Hitting from an uphill lie near the green can be tricky for gauging distance. Any tips for this shot?
Uphill chip shots around the green. How do I control distance?
The short answer is that you need to understand your options. You also need to stop hitting this shot with your lob wedge unless you’re extremely short-sided! Check out my YouTube video to learn your options and learn how to wedge it in close!
Focus on Contact First
Most amateur players struggle with contact on an uphill lie, often hitting “chunks” or “skulls”. With poor contact comes poor distance control. Therefore, step one is to ensure good contact when faced with an uphill lie around the green.
Because the uphill slope will naturally tend to launch the ball higher into the air than normal, I generally recommend students use a LESS lofted club than usual for their particular shot. For instance, if the specific shot faced would require a 54 degree sand wedge on a normal lie, I’d recommend the player move down to their gap wedge for the uphill lie. From there, I like to see the player move the ball slightly up in their stance and play a HIGHER than normal trajectory shot with the less lofted club.
These recommendations do the following:
1) The less lofted club helps reduce the influence of the upslope on trajectory while still providing the ball with enough energy to reach the hole.
2) Playing a higher than normal shot with the ball a bit more forward promotes a shallower strike with more bounce utilized on the sole of the club. Both of these help ensure quality contact with the ground and ball, helping to avoid a chunk or skulled shot.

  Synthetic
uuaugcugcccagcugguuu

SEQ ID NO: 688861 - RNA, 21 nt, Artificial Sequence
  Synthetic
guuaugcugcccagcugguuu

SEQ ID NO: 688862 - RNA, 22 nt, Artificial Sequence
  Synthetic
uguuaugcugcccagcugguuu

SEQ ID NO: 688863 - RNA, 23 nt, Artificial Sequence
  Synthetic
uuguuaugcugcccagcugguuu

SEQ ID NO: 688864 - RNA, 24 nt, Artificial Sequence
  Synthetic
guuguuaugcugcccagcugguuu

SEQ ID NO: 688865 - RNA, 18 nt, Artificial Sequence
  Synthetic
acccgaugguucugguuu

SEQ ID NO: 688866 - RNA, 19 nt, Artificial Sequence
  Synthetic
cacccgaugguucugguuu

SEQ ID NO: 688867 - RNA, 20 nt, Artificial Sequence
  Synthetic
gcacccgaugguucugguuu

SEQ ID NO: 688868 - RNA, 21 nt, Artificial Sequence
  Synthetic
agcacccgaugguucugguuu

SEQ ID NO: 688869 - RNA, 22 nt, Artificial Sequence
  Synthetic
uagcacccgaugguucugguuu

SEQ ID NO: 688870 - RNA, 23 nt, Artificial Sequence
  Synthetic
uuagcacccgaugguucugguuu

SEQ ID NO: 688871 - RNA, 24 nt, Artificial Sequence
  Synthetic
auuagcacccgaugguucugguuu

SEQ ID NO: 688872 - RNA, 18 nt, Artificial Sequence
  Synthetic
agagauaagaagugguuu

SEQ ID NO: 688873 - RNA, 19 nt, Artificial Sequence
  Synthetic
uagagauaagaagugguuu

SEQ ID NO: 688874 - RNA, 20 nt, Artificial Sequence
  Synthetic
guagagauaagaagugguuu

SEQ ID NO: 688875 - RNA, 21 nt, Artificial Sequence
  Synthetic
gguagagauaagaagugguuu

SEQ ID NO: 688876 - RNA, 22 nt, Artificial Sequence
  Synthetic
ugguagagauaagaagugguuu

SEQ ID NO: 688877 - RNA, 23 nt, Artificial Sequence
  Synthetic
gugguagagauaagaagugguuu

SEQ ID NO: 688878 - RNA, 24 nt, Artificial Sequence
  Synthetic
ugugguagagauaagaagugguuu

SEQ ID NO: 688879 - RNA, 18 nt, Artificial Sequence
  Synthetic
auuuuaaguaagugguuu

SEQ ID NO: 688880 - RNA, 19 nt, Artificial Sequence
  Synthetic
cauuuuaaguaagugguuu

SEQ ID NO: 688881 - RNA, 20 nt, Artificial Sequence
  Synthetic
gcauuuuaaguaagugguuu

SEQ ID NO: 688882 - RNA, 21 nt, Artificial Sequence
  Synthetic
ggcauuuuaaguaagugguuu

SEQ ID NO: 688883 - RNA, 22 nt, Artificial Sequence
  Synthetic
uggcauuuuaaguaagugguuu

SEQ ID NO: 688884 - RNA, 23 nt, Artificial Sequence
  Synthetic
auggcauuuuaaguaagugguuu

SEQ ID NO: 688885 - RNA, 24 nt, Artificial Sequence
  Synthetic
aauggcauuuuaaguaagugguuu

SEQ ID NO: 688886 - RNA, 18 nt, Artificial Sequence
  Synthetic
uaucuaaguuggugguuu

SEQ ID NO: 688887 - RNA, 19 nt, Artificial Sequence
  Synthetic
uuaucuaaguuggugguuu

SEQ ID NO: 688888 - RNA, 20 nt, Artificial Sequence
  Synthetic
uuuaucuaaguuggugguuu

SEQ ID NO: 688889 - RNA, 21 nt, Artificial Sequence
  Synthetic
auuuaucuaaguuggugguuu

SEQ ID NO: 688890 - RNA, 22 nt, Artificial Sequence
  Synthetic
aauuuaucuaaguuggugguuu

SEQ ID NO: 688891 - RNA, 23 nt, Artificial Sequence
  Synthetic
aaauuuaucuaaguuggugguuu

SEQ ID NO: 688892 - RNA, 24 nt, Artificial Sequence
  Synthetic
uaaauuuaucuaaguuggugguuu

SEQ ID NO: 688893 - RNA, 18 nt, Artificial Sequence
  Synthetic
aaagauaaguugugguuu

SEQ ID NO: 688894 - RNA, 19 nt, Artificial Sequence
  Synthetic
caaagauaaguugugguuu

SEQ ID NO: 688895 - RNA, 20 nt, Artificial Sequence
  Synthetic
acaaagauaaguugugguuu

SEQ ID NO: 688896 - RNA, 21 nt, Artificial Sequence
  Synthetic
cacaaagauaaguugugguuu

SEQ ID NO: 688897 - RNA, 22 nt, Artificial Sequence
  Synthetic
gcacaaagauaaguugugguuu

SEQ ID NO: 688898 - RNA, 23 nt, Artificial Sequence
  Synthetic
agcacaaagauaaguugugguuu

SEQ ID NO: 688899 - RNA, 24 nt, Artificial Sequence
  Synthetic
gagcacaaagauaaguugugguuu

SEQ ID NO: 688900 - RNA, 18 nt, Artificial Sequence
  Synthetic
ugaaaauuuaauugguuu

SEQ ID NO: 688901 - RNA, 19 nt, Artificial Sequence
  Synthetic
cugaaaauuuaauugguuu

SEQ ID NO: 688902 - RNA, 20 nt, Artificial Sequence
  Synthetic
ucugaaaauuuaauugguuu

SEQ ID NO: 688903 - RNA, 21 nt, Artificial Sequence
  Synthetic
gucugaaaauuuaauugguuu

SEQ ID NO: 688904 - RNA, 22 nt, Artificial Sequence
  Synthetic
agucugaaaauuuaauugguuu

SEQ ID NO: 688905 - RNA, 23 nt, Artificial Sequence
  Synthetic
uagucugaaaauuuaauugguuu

3) The less lofted club generally requires a slightly smaller swing- a benefit for most amateurs on a tricky lie, whilst still providing some ball control via trajectory and spin.
The key with these shots is to learn to adapt to the slope and experiment with different clubs and shot trajectories to build skill and confidence. With a little practice, most uphill slopes can become easy to navigate. Good luck!
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The ball goes up easily but won’t travel far. players are invariably short in distance control.
Having taught in Aspen Colorado for many years I have seen some incredible uphill lies around greens, students asking what to do? The ball goes up easily but won’t travel far. players are invariably short in distance control.
Two things, take your less lofted wedge play the ball nearer to where your weight is. On an uphill slope the ball should be closer to the back foot, it’s where gravity takes you, this will keep the ball lower on trajectory so that it will run out, Let the club head follow the slope upward. A sand wedge becomes a lob wedge on an uphill lie, gap wedge becomes a sand wedge, A regular wedge 47 degrees becomes the gap. the 47 degree the better choice.
Final gem stand as narrow as you can, , like standing on skis. there is less sense of slope. The wider your stance is the more you will feel the slope and get stuck.
Lean into it!
Hitting short shots around the green on an uphill lie can be tricky to get the distance right for some players. Because we generally try to get our shoulders parallel to the slope of the ground on most swings, this is what most people do with this particular shot. so for a right handed player most people will have their left shoulder much higher than their right and try to swing up the slope of the ground. This can cause many problems including but not limited to hitting the ground first, because it’s a short shot many will decelerate and unhinge club to soon causing thin shots and even going completely under the ball.